Tran Nguyen Tam Huong
Russin & Vecchi
From physical seals to digital signatures
In Vietnam, the physical corporate seal has been the traditional mark of authority, consent, and legitimacy, and for generations it has projected the authority of the office. It was carefully guarded and remained under the control of a senior officer. But the role of the physical seal has changed. Today, the physical seal has less significance. Under the latest version of the Law on Enterprises (LOE), which was passed on June 17, 2020, and came into force on January 1, 2021, both a physical seal and a digital signature are acceptable forms of the corporate seal.
Let’s first review regulations on the physical corporate seal under different versions of the LOE:
* Under the 2005 LOE, which came into force on July 1, 2006, a company was obliged to register its physical seal with the Public Security Department and would be issued a seal specimen registration certificate; counterparties could easily verify the company’s physical seal through this certificate.
* Under the 2014 LOE, effective as of July 1, 2015, the specimen of a company’s physical seal no longer needed to be registered but had merely to be “notified” to the provincial-level Department of Planning and Investment; counterparties could verify the physical seal through the National Business Registration Portal (NBRP).
* Under the 2020 LOE, all above-mentioned regulations changed. From January 1, 2021, the effective date of the 2020 LOE, a company is no longer required to register or notify its seal to authorities and therefore does not have a certificate authenticating its seal. It is difficult for a counterparty to verify the seal. Even so, the company’s charter may carry an imprint of the seal which counterparties may refer to in order to verify the company’s physical seal. If the company’s charter does not have an imprint of the physical seal, there is no way to verify the physical seal of a company formed after January 1, 2021. (Please keep in mind that a company’s charter is not a public document and must be provided by counterparties).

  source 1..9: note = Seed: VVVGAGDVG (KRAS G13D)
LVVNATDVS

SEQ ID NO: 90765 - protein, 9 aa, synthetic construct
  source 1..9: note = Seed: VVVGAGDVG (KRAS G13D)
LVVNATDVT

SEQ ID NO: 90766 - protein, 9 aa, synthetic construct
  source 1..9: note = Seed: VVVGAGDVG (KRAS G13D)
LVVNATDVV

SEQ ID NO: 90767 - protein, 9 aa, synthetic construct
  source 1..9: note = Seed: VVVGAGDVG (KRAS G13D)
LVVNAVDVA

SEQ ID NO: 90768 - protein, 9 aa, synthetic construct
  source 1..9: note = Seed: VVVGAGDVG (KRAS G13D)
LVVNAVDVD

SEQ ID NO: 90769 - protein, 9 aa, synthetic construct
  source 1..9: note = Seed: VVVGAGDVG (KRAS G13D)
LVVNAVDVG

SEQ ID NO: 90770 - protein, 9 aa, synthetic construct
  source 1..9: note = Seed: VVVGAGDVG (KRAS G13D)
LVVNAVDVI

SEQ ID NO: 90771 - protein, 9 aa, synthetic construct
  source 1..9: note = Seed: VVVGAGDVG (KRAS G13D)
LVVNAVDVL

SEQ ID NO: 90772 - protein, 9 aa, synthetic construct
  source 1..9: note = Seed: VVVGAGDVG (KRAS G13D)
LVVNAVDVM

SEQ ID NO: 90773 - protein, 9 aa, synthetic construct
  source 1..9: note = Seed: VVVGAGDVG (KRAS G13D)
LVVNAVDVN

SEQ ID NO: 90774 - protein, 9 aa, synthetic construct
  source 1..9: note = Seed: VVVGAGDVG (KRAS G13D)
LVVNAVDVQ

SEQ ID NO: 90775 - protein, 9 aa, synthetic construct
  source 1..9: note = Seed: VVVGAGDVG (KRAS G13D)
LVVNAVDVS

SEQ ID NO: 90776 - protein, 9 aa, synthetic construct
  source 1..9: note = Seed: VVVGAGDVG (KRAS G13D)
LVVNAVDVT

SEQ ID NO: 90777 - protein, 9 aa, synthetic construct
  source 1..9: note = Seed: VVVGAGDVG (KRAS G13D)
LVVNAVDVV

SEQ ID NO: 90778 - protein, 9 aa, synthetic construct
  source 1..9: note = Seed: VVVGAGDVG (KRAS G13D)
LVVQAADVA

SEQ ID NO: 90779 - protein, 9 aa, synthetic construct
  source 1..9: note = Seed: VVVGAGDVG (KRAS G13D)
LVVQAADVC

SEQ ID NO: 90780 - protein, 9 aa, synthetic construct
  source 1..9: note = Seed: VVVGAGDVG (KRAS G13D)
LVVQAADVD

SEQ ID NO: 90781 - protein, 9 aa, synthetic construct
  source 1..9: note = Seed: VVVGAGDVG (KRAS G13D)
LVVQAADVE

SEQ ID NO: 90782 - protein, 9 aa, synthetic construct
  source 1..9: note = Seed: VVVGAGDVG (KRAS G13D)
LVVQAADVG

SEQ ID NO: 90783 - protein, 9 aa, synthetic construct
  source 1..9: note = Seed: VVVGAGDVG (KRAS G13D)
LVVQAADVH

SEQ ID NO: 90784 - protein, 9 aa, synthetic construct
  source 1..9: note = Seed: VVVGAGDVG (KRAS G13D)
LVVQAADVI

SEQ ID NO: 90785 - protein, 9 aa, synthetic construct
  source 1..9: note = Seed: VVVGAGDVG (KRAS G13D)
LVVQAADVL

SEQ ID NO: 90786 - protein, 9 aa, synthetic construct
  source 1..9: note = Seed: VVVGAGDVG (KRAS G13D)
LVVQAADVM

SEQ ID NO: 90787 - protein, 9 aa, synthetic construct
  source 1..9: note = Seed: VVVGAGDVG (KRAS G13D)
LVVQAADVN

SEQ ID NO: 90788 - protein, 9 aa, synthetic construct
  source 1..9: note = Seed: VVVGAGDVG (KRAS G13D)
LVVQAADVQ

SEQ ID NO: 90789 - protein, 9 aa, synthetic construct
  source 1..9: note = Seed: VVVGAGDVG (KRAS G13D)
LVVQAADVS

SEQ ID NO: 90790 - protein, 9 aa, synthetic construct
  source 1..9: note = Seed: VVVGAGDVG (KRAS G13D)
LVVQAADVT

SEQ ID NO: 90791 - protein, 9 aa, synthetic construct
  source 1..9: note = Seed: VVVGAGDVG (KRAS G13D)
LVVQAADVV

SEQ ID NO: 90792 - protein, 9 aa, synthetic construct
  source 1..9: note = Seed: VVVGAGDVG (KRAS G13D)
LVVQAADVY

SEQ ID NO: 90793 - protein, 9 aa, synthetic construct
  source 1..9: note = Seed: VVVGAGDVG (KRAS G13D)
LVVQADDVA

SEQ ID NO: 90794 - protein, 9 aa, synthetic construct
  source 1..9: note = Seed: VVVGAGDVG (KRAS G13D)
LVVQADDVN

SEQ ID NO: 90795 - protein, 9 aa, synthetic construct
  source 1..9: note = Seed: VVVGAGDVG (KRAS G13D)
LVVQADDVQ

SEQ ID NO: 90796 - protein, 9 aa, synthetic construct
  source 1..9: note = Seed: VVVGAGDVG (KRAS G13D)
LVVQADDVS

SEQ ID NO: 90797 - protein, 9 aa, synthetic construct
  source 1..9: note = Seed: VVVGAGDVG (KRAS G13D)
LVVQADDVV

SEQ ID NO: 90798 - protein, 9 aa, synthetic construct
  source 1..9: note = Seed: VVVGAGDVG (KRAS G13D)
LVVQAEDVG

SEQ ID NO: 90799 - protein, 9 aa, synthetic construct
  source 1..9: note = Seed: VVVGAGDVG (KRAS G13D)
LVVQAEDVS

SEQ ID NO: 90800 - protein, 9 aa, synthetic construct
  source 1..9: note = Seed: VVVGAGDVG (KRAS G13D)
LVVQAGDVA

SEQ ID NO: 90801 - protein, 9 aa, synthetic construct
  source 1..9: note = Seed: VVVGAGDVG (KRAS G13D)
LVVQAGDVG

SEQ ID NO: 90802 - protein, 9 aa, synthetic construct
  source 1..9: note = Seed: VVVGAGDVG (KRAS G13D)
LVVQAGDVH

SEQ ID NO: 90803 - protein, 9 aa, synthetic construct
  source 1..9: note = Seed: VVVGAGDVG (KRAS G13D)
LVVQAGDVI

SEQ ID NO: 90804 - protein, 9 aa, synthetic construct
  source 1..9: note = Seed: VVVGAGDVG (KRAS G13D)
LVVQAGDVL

When a company’s physical seal is stamped on a document, it is accompanied by the signature of an authorized person, usually the company’s at-law representative. When the physical seal is used together with the signature of the at-law representative of the company, it continues to demonstrate a commitment by the company. The company can continue to use its physical seal accompanied by the “ink” signature of a qualified signatory, on both internal and external documents. Seals previously “registered” or “notified” under prior law may still be verified.
If a company still wants to use a physical seal, it may do so. It may decide the type, form, and contents of its seal. The seal may be round, rectangular, triangular as the company chooses. It may be affixed with ink of any color, red, black, green, etc. The point is that such a new seal is neither publicly registered nor notified to any state authority and it cannot be verified.
Where physical seals cannot be verified, parties must rely on the authority of the signatories themselves. If the signatory is the company’s at-law representative, the signatory’s position as at-law representative can be verified through the NBRP. If not, a written authorization letter from the at-law representative can be obtained to confirm the signatory’s authority. If there are any limits on the at-law representative’s authority, especially in case a company has more than one at-law representative this limitation is only referred to in the company’s charter. But again, charters are not public documents. The inability to easily verify the limits of the at-law representative’s authority places an added burden on parties who previously could rely on the authority of the physical seal. Because physical seals cannot be verified, the use of the corporate seal will likely continue to diminish. However, the issue of seals apart, the inability to verify the authority of a signatory (if, for example, his/her authority is limited) will continue to be a problem.